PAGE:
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Enduring Courage

John F. Ross
In Print
St. Martin's Press (2014)

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This entry created 27 January 2019. Last revised on 27 January 2019.

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Enduring Courage

Ace Pilot Eddie Rickenbacker and the Dawn of the Age of Speed

Rating: gold star gold star gold star gold star gold star gold star gold star no star no star no star (7.00)

375 pages. 4 maps. 16 pages of black-and-white photos on glossy paper. Acknowledgments, introduction, epilogue, chapter notes, note to the reader, and index.

This is not a typical biography. The author's intention is to cover three periods in the life of Eddie Rickenbacker when he showed exceptional courage. Other parts of his life are briefly summarized.

The biography is divided into four sections, which the author calls 'books':

Book I: Racing
Starts with Eddie's childhood, and continuing through his career as a racing driver.
Book II: Flying
When the United States enters World War One, Eddie joins the war effort and becomes a pilot.
Book III: Fighting
Eddie finally makes it into air combat, and eventually becomes a leader and ace.
Book IV: Immortality
Eddie, still recovering after a commercial airliner crash, is lost in the Pacific for three weeks while on a secret WWII mission for the U.S. president.

As you can see, there's a major jump between Books II and III (with a quick summary of Eddie's years at Eastern Airlines), and then little coverage of his post-WWII life. So the focus is on Eddie as a racer, Eddie as a fighter pilot, and Eddie as a survivor (when lost at sea).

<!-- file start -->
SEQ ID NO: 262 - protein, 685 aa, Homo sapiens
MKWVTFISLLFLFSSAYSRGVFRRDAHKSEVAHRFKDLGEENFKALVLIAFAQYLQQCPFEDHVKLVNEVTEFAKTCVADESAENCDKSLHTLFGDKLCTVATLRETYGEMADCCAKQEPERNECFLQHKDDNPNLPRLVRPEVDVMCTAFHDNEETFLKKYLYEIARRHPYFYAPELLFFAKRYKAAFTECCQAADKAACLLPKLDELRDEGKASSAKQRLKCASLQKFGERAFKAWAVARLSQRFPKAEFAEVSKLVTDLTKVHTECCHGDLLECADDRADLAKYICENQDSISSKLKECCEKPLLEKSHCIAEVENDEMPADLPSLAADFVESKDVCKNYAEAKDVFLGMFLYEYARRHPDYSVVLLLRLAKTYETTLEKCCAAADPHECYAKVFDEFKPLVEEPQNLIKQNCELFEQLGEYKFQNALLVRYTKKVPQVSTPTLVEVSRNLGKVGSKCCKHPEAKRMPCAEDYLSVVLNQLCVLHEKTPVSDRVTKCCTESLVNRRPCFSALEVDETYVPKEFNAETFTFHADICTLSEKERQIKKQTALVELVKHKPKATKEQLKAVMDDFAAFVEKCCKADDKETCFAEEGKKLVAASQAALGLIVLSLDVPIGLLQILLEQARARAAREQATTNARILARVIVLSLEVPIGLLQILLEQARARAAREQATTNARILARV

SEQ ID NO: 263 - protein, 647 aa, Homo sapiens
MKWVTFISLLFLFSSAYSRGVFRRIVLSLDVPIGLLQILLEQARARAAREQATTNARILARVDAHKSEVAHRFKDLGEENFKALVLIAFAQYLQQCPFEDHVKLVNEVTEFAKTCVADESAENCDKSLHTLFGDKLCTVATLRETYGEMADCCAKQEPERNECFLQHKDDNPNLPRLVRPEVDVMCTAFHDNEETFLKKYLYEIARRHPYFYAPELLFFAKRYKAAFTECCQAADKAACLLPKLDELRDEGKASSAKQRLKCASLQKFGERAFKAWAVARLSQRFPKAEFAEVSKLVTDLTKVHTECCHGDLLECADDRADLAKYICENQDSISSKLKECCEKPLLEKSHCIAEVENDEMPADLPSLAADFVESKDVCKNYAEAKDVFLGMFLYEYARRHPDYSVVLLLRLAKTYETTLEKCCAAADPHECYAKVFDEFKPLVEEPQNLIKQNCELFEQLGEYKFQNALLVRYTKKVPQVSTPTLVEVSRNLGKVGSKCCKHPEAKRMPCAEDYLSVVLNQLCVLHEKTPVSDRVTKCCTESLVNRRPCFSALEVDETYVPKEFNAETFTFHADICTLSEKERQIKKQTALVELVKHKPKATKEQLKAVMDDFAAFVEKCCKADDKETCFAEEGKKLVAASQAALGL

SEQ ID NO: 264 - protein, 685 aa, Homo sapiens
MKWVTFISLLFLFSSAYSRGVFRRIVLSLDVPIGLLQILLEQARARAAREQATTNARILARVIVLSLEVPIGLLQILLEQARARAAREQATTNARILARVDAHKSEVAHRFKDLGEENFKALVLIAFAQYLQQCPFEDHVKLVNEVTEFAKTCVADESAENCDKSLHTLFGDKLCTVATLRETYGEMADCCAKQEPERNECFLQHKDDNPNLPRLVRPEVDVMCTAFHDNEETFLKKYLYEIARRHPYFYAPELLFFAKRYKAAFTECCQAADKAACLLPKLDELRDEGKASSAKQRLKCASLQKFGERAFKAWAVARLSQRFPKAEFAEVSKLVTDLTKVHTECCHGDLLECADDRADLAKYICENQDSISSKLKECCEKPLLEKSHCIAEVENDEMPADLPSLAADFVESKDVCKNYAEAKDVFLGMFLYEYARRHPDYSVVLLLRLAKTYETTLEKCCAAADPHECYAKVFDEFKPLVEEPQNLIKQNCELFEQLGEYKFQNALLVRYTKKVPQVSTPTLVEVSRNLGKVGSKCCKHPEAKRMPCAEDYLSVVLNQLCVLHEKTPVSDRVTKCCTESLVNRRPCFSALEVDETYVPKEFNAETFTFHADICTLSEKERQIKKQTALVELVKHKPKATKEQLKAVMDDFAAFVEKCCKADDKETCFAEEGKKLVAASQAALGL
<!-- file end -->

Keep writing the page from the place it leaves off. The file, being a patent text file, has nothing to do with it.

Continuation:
The section on Eddie's racing career brings out how this young man found his own opportunities, worked his way from success to success, used his own ingenuity to master the automotive technology of the time, and devised tactics to succeed on the racing course.

The greatest portion of the book cover's Eddie's WWI career. He volunteers for pilot duty based on his racing experience, but is turned down because of his lack of education. Nevertheless, he gets himself into the army, gets himself into an air support position, gets himself training to fly… his drive to meet his goal is amazing! (Not to mention concealing the fact that he has a defective eye.) Then he has to overcome the hostility of his fellow pilots against a 'mechanic class' pilot. Despite all this, he survives and thrives in the air war.

The book then skips forward to WWII. Eddie, as president of Eastern Airlines, survives a near-death experience when one of his airliners crashes. Not fully recovered, he is asked to handle a difficult assignment: to convey special instructions to General MacArthur. The flight from Hawaii across the Pacific is doomed by an inexperienced or incompetent navigator, and the plane crashes at sea, the crew take to the rafts, and nobody knows where they are. The rafts' survival gear is missing. Eddie's forceful, abrasive personality keeps most of them alive for three weeks, but his order not to separate almost keeps them from being rescued.

The author does a good job not just of telling Eddie's story, but also of explaining the technologies that made Eddie's career possible. Wargamers will find the racing and air-combat sections of particular interest.

My only criticism is that I don't think the author succeeded with his book plan. If he wanted to focus on Eddie's courage, then he needed more than a few pages at the end of the book discussing Eddie's courage. Otherwise, a standard biography would have made more sense, covering his entire life.

A very interesting, detailed book about a fascinating man. Recommended.

Reviewed by Personal logo Editor in Chief Bill The Editor of TMP Fezian.